"In defense of my decision, it helps to know a little about the wine I chose over my children’s need for nutritional sustenance. " -- John Brown
One of the advantages
of advancing age is that you can sometimes live long enough to see youthful acts of irresponsibility redeemed later in life (though probably never forgiven).
Let me explain. In the early 1980’s, when I was just beginning my life-long affair with wine -- and when I had little or no disposable income -- I made a profligate, yet fateful, buying decision. That decision caused me great initial pain, but over the long haul, I feel, has turned out quite well.The year was 1983
and I was on my way to buy the weekly groceries when I stopped by the local state liquor store to check out the wine selection. Back then, the State ABC store was the only place where you could purchase wine. As I casually browsed the aisles searching for any wine not bottled in big green jugs, I came across three bottles of 1978 Chateau Fortia.
At that time, Fortia was considered the best producer of Chateauneuf Du Pape, and the ’78 had gotten great reviews. Unfortunately, the wine
cost $18 a bottle, a stratospheric price to pay for wine back then.
I agonized over the decision for all of five minutes before using our weekly grocery money to buy the wine. When my wife asked why I had not gotten all the items on her grocery list, I sheepishly presented her with the three bottles of wine and, as I recall, some peanut butter, bread and lunch meat. To put it mildly, she was not happy, and I heard the words “selfish” and “irresponsible” used repeatedly to describe me over the next several months.In defense of my decision
, it helps to know a little about the wine I chose over my children’s need for nutritional sustenance.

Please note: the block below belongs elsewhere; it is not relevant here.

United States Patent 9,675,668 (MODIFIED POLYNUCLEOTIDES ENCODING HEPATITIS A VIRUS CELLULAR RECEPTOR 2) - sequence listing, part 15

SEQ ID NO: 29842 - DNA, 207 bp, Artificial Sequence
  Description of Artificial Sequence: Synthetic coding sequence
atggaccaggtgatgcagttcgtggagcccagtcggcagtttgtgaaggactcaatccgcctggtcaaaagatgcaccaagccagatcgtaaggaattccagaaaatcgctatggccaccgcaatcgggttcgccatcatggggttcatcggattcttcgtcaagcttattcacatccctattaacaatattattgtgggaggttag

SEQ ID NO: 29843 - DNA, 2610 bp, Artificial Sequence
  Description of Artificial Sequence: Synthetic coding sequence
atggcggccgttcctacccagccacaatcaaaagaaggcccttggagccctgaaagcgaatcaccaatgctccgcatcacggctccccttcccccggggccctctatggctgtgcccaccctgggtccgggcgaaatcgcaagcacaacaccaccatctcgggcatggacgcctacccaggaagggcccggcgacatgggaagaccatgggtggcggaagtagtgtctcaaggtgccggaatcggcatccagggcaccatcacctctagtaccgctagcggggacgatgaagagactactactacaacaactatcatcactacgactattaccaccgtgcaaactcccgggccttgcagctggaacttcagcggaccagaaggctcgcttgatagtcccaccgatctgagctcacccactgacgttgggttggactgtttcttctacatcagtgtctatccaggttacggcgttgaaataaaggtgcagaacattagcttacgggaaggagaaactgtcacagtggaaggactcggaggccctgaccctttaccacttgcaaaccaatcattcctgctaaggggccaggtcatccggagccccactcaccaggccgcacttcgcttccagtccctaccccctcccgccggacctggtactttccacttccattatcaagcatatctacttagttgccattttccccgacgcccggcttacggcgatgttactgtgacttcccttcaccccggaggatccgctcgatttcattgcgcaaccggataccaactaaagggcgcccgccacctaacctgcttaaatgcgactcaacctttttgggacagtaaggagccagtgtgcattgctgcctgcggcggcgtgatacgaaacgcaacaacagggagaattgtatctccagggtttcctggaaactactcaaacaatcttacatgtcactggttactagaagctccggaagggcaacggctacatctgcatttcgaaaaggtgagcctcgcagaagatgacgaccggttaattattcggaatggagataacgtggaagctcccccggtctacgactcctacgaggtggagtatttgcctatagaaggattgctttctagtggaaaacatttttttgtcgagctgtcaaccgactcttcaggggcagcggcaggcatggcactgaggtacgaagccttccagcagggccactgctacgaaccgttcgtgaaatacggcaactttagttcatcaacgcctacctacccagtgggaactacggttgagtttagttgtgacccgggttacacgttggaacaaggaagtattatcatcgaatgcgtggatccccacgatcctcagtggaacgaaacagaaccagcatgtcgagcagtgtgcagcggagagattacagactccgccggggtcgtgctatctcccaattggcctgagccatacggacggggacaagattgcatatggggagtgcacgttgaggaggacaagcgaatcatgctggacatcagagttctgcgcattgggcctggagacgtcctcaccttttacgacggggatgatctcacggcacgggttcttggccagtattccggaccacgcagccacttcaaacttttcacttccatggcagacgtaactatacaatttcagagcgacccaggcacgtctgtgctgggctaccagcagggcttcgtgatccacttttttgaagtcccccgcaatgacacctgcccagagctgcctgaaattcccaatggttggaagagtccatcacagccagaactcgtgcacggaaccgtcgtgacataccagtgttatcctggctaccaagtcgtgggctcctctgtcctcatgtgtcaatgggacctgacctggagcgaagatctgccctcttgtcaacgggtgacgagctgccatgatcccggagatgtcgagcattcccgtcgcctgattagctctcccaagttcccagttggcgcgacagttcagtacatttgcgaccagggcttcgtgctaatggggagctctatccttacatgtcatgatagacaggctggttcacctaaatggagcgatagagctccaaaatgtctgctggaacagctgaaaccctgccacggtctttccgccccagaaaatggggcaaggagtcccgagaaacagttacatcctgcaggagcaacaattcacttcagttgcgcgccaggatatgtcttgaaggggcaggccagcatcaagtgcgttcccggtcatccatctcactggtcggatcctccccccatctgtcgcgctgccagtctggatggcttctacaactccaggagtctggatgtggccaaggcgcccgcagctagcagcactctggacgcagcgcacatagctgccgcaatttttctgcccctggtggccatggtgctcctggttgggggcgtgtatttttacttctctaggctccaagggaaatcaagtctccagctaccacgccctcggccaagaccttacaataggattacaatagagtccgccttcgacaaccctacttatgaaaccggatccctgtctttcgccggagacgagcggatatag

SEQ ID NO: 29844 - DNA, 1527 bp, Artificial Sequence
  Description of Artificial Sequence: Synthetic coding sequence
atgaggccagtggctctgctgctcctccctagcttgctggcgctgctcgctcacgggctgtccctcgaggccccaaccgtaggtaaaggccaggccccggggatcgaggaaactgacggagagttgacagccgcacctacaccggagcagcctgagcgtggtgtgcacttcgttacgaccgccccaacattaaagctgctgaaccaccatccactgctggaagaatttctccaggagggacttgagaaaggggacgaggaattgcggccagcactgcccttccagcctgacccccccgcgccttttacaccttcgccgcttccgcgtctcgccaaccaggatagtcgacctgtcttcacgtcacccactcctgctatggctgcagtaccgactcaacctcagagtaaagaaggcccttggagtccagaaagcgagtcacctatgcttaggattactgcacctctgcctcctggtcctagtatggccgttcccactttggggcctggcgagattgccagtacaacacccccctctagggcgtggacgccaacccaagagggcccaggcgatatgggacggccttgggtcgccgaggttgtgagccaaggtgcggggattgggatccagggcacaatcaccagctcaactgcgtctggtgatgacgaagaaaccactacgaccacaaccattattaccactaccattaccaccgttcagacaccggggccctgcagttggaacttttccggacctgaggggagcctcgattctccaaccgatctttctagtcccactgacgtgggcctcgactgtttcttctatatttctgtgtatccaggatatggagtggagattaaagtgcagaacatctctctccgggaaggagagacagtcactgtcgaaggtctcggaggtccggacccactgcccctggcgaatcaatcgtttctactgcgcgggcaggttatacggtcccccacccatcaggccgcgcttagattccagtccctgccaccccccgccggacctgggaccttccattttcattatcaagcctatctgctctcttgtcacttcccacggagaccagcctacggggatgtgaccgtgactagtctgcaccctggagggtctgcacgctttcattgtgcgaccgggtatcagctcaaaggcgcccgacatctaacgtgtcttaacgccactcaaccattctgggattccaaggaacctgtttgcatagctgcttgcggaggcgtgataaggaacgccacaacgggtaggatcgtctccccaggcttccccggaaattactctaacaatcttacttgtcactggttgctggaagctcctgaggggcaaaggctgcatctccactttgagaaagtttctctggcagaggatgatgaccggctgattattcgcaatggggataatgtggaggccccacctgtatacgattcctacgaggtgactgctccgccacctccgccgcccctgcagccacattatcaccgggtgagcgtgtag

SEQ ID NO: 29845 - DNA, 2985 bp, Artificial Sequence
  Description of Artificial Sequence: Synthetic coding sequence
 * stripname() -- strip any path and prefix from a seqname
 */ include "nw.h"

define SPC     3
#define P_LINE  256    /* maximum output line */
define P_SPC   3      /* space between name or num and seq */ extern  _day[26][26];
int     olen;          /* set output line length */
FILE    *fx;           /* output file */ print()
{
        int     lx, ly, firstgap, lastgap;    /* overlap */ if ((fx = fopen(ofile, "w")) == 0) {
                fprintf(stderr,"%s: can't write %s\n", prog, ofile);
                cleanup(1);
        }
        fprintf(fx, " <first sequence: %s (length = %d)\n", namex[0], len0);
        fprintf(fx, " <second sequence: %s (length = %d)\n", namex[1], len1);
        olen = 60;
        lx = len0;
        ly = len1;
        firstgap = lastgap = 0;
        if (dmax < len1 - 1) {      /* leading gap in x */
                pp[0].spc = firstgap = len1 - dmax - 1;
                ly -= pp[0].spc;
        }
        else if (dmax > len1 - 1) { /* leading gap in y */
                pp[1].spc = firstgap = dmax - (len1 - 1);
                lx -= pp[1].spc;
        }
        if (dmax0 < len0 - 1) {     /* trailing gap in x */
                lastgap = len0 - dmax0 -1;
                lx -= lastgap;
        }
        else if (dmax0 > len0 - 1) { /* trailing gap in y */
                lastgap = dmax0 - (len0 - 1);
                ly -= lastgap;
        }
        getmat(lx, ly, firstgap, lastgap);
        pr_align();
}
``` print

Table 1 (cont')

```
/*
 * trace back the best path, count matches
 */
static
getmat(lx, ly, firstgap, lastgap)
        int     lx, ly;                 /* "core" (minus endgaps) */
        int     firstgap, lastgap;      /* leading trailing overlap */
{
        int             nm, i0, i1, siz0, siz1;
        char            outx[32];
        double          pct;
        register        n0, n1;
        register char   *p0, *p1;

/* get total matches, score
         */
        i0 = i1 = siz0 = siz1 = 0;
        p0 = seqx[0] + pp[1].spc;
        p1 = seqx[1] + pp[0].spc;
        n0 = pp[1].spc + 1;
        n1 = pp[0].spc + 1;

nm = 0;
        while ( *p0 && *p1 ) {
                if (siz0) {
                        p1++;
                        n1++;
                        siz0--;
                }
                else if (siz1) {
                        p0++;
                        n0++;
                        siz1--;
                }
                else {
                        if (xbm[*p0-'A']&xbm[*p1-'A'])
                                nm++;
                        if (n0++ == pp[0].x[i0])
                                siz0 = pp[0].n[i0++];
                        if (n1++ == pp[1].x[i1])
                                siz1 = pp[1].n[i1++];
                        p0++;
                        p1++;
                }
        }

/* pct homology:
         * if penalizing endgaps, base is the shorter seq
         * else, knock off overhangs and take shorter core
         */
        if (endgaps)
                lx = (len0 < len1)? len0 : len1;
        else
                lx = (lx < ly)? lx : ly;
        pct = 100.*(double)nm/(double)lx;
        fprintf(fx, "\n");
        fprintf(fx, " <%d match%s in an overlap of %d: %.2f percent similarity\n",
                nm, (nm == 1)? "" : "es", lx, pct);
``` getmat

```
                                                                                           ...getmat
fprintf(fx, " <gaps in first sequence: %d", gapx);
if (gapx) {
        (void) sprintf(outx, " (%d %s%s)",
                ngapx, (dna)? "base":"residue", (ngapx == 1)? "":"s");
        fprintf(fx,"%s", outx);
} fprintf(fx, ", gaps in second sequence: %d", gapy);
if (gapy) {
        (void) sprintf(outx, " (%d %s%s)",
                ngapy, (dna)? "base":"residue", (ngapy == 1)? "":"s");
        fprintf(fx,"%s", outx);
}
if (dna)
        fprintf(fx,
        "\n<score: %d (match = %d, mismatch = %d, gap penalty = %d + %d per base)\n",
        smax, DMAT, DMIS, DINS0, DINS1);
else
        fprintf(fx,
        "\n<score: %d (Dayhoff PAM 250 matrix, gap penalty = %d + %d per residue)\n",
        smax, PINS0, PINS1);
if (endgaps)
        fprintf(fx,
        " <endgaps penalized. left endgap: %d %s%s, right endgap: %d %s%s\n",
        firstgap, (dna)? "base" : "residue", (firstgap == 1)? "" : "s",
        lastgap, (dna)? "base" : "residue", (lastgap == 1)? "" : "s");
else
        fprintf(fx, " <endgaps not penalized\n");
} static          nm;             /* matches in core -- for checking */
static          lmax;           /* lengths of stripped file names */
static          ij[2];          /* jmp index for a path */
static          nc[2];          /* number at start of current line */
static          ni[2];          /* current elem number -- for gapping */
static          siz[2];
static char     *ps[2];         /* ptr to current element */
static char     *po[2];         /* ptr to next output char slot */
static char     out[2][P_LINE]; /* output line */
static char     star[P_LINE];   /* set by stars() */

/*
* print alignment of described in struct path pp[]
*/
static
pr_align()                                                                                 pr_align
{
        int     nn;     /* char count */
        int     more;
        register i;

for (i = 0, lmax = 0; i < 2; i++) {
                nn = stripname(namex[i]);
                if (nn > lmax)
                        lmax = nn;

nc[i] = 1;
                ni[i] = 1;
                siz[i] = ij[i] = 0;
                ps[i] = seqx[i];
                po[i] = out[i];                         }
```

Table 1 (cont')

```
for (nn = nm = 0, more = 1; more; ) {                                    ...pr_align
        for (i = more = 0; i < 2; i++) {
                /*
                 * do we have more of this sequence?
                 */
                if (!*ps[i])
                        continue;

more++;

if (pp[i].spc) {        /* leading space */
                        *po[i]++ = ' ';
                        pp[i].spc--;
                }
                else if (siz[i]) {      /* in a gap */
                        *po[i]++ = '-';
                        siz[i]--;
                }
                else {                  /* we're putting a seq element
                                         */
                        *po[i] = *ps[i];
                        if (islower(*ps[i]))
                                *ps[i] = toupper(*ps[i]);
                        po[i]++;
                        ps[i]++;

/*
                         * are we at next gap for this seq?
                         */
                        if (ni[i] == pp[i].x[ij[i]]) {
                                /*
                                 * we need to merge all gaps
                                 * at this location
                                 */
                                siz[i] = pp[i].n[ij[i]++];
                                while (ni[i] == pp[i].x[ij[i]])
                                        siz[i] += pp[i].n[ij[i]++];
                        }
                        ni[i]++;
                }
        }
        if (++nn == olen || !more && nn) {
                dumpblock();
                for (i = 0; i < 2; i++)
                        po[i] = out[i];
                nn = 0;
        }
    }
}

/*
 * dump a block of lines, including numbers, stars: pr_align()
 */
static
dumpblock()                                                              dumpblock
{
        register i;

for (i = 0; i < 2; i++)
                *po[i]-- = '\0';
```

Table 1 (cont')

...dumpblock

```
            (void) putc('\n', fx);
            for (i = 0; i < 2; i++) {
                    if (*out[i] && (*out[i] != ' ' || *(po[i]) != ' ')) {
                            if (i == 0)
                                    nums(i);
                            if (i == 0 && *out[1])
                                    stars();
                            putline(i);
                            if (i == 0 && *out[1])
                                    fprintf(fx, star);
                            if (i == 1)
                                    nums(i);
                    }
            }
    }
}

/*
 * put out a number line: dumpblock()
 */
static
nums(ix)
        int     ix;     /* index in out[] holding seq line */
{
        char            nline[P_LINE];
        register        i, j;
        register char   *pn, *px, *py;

Chateau Fortia is a storied property and it’s late owner -- Baron Le Roy de Boiseumarie -- not only produced among the best Chateauneuf Du Pape, he developed
a system of governmental
regulations to insure the quality
for everything associated with making wine. This system was the foundation for the Appellation Contrôlée system for all France. I had read about the exploits of Baron Le Roy and the legendary wines he was making so when I saw the opportunity to acquire a few bottles of this monumental wine…well you know the rest.
Now, fast-forward 25 years. (Incidentally, despite even more egregious acts by yours truly over that quarter century, I am still married to the same long-suffering wife). Anyway, this year on Valentine’s Day my wife asked me to go to our cellar and surprise her with a nice bottle of wine to accompany a special meal she had prepared. You can probably guess what I selected. Suffice it to say, I did surprise her - with 1978 Chateau Fortia. But the biggest surprise was magnificence of the wine itself!
As I decanted it, the wine’s orange-brown color did not bode well for its drinkability. There was also about one inch of sediment in the bottom of the bottle (which I expected) and when I put my nose to the carafe, there was very little aroma. At least it didn't have any off odors
, I thought to myself.I set the wine aside
for about one hour while dinner was being completed and then, as we sat down to eat, I poured it into our glasses. It had been transformed. As I sniffed and then sipped, the wine had morphed into an aromatic, complex and delicious elixir. Aromas of mint and leather were followed by layered flavors of cherries, caramel and white pepper. What a spectacular wine and one which, surprisingly, held up well to the fillet of beef it accompanied.
After we leisurely consumed the bottle, I went online to Robert Parker’s website (eRobertparker.com) and this is what that esteemed critic had to say about the wine (he rated it 95 out of 100) when he last reviewed it in 2000: “This has always been my reference point for Chateau Fortia (until I tasted the 1970). It remains a prodigious, full-bodied, spectacular Chateauneuf du Pape possessing a deep ruby/purple color with only a hint of amber at the edge. A stunning nose of blackberries, pepper, smoke, dried herbs, and licorice is followed by a full-bodied wine with a seamless personality, a multi-layered texture, and a fabulous wealth of fruit. While fully mature, it is capable of 5-7 additional years of life.”
Well, here it is eight years later and still holding, though for how much longer I cannot predict.So, did my wife forgive me
for that act of profligacy 25 years ago? She’s not willing to go that far, but I may be able to get closer to redemption since I have two more bottles of the 1978 Chateau Fortia lying in repose in the cellar.